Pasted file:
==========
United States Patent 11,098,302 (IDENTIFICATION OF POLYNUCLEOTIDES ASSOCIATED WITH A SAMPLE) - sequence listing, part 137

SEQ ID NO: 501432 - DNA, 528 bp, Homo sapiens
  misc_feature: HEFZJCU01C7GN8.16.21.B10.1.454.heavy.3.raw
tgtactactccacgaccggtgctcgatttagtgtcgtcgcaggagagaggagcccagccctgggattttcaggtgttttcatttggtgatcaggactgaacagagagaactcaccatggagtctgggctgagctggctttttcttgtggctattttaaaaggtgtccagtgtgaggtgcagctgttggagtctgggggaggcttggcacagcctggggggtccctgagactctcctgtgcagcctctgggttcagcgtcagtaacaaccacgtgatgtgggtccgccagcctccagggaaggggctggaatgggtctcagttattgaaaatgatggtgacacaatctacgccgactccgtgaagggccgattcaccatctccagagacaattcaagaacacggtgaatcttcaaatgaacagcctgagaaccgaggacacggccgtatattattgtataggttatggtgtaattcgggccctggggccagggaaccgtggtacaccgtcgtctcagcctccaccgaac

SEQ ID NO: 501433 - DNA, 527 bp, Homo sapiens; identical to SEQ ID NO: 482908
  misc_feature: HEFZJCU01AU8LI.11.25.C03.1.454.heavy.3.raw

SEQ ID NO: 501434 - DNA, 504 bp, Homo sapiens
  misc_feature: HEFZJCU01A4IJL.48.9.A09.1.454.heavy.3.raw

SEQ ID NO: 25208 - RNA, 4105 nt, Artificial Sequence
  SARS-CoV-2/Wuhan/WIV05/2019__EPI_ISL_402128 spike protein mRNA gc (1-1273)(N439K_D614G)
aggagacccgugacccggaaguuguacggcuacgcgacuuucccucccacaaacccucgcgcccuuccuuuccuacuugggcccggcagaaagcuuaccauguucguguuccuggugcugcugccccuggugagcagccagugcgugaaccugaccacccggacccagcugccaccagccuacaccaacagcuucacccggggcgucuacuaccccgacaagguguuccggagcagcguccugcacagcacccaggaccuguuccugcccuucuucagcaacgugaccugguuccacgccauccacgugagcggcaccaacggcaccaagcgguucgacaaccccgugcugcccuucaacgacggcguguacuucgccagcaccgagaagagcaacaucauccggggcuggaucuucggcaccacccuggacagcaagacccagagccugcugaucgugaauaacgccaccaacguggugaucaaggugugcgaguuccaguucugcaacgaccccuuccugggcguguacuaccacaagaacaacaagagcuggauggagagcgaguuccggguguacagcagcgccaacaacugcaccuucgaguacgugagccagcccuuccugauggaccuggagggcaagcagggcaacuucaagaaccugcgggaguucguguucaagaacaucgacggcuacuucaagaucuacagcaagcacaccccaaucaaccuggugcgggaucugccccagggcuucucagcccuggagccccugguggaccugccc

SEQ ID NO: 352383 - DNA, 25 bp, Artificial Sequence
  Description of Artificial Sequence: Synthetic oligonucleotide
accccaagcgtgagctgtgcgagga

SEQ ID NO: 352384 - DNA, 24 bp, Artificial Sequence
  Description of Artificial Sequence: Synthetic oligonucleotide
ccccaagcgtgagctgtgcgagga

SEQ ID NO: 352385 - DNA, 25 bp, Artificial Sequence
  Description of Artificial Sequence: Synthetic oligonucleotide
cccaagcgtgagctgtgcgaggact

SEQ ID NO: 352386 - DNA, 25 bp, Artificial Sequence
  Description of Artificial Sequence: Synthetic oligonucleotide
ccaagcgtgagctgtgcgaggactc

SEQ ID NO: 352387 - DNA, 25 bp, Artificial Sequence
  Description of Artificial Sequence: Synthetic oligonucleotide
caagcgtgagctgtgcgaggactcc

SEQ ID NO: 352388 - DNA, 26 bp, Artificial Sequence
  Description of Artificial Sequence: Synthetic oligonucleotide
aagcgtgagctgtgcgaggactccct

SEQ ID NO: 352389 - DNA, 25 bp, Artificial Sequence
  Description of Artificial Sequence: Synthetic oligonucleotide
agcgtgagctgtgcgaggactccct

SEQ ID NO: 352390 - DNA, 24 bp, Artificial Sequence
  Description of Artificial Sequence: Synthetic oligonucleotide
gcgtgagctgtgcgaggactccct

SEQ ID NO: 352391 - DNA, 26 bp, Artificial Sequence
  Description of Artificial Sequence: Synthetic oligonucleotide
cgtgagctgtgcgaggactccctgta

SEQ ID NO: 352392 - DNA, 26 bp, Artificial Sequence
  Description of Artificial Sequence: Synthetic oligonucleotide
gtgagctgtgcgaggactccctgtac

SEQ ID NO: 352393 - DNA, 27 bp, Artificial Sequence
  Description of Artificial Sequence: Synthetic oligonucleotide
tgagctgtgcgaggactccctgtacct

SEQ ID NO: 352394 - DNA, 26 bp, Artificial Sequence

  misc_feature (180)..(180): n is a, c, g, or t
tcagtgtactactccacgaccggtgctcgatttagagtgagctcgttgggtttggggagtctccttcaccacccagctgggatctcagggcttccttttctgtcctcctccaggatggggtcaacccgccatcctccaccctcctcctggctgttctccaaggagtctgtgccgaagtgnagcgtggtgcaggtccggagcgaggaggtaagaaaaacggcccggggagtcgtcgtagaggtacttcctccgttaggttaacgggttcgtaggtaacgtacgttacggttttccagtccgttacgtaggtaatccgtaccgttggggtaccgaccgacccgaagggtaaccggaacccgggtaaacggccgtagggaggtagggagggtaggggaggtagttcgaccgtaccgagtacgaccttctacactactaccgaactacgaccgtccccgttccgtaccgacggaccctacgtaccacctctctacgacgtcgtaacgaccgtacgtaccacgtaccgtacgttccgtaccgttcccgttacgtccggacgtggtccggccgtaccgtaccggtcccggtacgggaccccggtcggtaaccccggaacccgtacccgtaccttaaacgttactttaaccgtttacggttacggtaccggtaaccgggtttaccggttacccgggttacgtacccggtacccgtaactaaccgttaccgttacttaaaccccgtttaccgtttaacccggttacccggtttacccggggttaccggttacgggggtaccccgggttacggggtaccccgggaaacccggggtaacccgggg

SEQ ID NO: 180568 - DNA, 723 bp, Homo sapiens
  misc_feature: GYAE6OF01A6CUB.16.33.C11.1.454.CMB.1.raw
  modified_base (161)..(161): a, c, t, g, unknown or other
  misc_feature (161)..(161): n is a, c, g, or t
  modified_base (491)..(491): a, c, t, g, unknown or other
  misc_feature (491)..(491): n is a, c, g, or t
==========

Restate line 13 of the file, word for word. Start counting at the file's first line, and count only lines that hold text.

  Description of Artificial Sequence: Synthetic oligonucleotide